The origins of limnetic forms and cryptic divergence in Gnathopogon fishes (Cyprinidae) in Japan
Bayesian random local clock model
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AbstractThe cyprinid species of the genus Gnathopogon, exhibiting flexible morphological and ecological variation, include limnetic life forms. We examined the origin of the limnetic forms and the population divergence of the Japanese Gnathopogon species, using molecular phylogenetic and phylogeographic analyses. A Bayesian phylogenetic inference approach based on mtDNA cytochrome b sequence data revealed three major lineages in G. elongatus. One of them formed a monophyletic group with the limnetic species G. caerulescens, which is endemic to an ancient lake, Lake Biwa. The divergence of the G. caerulescens lineage was estimated to date back to the early Pleistocene. This precedes the formation of the extensive pelagic environment in the present Lake Biwa. However, the recent genetic divergence of G. caerulescens was inferred to originate in the present Lake Biwa in the late Pleistocene. Another lacustrine population in the Mikata Lakes was shown to belong to a different lineage from G. caerulescens. The majority of the population possessed unique, but non-monophyletic, haplotypes, suggesting a short evolutionary history. One of the cryptic lineages of G. elongatus discovered in the Ina Valley, the lower area of Lake Suwa, might be related to the extinct lacustrine subspecies G. elongatus suwae, which has been replaced by introduced congeners. The previous and ongoing introductions of Gnathopogon fishes would have produced genetic disturbance to the indigenous populations.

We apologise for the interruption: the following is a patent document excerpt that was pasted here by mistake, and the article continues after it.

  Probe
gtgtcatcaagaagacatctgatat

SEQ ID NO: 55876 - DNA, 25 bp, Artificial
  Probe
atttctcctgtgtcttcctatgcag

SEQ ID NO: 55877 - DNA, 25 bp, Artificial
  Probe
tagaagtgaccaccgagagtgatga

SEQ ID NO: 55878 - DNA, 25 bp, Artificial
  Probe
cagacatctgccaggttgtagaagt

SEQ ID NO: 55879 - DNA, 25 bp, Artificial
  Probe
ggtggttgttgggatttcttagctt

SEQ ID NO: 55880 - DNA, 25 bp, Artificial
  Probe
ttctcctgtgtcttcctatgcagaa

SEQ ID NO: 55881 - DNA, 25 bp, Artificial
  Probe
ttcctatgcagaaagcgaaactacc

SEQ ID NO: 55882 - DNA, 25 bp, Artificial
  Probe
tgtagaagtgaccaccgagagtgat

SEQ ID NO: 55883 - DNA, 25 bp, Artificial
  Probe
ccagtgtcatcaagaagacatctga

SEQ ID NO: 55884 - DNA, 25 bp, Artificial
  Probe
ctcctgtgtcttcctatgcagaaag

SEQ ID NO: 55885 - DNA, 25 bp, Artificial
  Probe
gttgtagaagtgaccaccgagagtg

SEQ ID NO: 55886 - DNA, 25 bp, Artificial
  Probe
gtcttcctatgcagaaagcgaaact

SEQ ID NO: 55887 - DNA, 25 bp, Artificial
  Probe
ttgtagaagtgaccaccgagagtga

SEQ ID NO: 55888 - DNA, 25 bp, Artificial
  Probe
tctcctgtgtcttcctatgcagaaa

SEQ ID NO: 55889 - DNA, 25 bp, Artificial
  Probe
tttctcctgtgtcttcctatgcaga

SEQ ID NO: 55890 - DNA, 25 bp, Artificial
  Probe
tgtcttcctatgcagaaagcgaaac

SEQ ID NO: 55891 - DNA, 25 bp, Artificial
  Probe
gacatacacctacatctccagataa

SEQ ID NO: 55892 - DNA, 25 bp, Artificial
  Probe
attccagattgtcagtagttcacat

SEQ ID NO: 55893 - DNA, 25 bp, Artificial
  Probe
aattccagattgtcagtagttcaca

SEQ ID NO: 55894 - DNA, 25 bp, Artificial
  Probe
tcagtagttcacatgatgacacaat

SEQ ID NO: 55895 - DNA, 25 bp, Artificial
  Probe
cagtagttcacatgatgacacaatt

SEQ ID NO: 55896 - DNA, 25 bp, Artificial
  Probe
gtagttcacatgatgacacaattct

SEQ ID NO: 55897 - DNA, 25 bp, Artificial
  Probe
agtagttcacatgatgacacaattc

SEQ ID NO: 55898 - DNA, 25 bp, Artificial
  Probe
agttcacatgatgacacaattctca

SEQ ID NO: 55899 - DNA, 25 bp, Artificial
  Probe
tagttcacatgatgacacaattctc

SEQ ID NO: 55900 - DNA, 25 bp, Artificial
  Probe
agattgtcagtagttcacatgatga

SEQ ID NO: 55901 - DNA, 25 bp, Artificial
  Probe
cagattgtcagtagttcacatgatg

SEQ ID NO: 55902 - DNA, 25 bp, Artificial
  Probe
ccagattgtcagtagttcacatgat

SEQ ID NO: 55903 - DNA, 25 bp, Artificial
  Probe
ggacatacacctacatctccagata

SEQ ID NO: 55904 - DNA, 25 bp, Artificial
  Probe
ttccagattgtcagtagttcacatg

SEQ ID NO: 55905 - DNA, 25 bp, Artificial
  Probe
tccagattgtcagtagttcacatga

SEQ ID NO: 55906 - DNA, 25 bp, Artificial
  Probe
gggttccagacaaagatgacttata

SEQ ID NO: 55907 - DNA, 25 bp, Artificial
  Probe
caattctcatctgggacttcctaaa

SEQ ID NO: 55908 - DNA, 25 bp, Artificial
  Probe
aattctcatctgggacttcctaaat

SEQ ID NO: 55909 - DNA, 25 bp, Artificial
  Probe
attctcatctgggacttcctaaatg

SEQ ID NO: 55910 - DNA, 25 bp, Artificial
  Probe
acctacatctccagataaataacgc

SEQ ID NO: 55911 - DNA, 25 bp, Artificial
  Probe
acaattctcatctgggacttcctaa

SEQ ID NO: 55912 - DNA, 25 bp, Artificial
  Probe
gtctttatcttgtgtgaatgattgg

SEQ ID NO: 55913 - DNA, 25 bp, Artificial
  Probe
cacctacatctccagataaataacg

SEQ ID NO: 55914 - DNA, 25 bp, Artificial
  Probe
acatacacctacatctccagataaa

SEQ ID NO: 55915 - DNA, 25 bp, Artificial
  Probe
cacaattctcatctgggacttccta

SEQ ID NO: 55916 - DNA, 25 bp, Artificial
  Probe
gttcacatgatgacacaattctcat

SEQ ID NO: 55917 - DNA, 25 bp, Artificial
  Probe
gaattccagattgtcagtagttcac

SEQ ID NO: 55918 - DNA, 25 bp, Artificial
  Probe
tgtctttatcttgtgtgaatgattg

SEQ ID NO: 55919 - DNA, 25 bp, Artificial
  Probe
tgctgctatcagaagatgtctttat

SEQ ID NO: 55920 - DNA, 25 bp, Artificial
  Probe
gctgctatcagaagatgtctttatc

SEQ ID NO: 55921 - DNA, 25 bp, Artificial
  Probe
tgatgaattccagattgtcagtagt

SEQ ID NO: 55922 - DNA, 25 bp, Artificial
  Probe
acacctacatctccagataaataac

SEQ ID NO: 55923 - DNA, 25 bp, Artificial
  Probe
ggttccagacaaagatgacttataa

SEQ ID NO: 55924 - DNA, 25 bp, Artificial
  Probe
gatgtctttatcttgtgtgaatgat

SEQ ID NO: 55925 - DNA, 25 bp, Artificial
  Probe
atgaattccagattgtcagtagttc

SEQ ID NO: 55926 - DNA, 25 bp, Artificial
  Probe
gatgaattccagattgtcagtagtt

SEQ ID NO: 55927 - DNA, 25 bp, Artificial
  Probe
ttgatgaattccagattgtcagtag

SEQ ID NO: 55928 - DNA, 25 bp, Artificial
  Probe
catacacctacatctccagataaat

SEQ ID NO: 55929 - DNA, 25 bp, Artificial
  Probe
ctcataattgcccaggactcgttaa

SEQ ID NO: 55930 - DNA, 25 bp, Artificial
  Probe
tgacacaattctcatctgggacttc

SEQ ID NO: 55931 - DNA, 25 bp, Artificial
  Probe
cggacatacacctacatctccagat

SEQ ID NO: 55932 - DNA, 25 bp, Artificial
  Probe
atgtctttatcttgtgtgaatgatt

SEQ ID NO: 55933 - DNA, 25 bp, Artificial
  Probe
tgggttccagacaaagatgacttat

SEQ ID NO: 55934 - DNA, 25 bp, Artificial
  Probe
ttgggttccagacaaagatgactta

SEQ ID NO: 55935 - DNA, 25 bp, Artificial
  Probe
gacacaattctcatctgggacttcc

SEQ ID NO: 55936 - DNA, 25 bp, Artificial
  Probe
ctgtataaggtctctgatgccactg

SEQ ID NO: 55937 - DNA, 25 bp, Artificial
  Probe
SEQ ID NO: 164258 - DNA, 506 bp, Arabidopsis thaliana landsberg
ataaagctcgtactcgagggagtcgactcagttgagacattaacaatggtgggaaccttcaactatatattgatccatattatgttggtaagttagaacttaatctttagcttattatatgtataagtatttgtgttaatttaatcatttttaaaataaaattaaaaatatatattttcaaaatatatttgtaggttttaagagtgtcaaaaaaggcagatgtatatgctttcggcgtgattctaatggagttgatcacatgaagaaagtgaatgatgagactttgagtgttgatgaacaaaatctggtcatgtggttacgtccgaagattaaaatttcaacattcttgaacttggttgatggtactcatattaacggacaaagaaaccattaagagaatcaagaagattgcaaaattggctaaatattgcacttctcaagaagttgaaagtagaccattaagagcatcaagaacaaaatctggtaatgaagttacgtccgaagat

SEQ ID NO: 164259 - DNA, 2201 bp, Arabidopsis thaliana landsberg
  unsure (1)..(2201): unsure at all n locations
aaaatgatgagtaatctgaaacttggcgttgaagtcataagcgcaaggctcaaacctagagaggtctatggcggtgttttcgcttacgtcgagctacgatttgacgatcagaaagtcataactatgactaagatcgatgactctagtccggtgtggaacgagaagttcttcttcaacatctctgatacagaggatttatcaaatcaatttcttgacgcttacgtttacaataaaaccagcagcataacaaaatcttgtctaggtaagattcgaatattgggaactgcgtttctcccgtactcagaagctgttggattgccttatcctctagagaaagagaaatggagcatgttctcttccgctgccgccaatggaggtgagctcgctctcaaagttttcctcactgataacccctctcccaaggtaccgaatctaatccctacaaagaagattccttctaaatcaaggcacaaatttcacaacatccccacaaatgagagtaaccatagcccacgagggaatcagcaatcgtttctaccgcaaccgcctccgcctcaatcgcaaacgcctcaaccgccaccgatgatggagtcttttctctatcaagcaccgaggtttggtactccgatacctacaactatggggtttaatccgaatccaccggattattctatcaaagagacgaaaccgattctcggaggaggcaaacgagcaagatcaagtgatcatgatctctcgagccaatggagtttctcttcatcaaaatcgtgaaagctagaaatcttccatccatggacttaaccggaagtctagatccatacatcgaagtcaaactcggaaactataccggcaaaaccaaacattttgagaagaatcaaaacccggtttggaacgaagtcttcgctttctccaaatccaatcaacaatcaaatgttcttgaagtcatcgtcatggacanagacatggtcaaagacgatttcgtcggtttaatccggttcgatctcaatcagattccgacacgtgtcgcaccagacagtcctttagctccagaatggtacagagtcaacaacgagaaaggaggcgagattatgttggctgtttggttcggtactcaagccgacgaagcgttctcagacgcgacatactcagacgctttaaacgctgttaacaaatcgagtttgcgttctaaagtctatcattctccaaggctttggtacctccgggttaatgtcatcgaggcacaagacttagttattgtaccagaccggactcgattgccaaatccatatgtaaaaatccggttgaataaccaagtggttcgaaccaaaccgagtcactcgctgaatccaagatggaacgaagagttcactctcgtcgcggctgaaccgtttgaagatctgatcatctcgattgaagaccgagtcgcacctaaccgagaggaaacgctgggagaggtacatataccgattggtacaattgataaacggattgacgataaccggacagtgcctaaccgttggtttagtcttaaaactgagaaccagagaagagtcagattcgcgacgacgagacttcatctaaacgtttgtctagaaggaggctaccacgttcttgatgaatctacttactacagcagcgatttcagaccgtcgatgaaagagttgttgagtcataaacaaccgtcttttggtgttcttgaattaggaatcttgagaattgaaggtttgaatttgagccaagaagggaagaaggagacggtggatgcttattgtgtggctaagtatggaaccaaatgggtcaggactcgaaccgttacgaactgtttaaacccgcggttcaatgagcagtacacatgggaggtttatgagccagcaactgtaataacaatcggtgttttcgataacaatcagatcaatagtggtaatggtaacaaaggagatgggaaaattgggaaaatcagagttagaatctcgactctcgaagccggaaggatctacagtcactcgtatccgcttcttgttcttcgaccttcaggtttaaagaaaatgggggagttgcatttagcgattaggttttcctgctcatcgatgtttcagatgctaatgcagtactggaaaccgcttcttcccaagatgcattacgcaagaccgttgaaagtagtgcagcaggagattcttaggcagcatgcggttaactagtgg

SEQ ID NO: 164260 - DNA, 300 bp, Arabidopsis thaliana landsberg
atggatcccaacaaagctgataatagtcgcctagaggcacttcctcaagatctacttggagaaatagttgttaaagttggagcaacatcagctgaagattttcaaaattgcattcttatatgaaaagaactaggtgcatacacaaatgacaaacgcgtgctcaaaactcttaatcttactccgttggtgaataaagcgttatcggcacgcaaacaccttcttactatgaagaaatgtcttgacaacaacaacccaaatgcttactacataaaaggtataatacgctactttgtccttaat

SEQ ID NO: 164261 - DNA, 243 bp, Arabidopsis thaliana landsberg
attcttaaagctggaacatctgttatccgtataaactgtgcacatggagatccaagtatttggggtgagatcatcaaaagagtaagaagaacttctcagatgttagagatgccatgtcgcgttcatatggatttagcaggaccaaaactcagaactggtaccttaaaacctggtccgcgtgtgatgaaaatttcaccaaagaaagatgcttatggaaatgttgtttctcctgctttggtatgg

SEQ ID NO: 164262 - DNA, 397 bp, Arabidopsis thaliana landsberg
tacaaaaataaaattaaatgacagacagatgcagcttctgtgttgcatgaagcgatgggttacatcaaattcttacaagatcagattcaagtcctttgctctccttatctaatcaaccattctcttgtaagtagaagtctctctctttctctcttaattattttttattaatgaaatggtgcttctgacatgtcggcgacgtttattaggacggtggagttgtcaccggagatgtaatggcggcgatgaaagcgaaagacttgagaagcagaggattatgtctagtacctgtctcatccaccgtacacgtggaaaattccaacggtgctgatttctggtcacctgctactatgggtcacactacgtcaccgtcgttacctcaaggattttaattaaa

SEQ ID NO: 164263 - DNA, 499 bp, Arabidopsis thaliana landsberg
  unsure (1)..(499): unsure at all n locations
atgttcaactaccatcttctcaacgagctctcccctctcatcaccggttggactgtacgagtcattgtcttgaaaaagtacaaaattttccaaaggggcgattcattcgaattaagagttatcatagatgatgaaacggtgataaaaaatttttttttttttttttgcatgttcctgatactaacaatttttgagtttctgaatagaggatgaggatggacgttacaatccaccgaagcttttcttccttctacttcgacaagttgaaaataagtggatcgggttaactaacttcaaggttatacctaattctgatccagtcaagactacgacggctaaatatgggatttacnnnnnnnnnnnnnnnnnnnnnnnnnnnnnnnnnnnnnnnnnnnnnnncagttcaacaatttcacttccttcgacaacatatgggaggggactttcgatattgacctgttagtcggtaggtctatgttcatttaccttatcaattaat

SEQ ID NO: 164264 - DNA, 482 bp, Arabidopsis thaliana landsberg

Environmental Biology of Fishes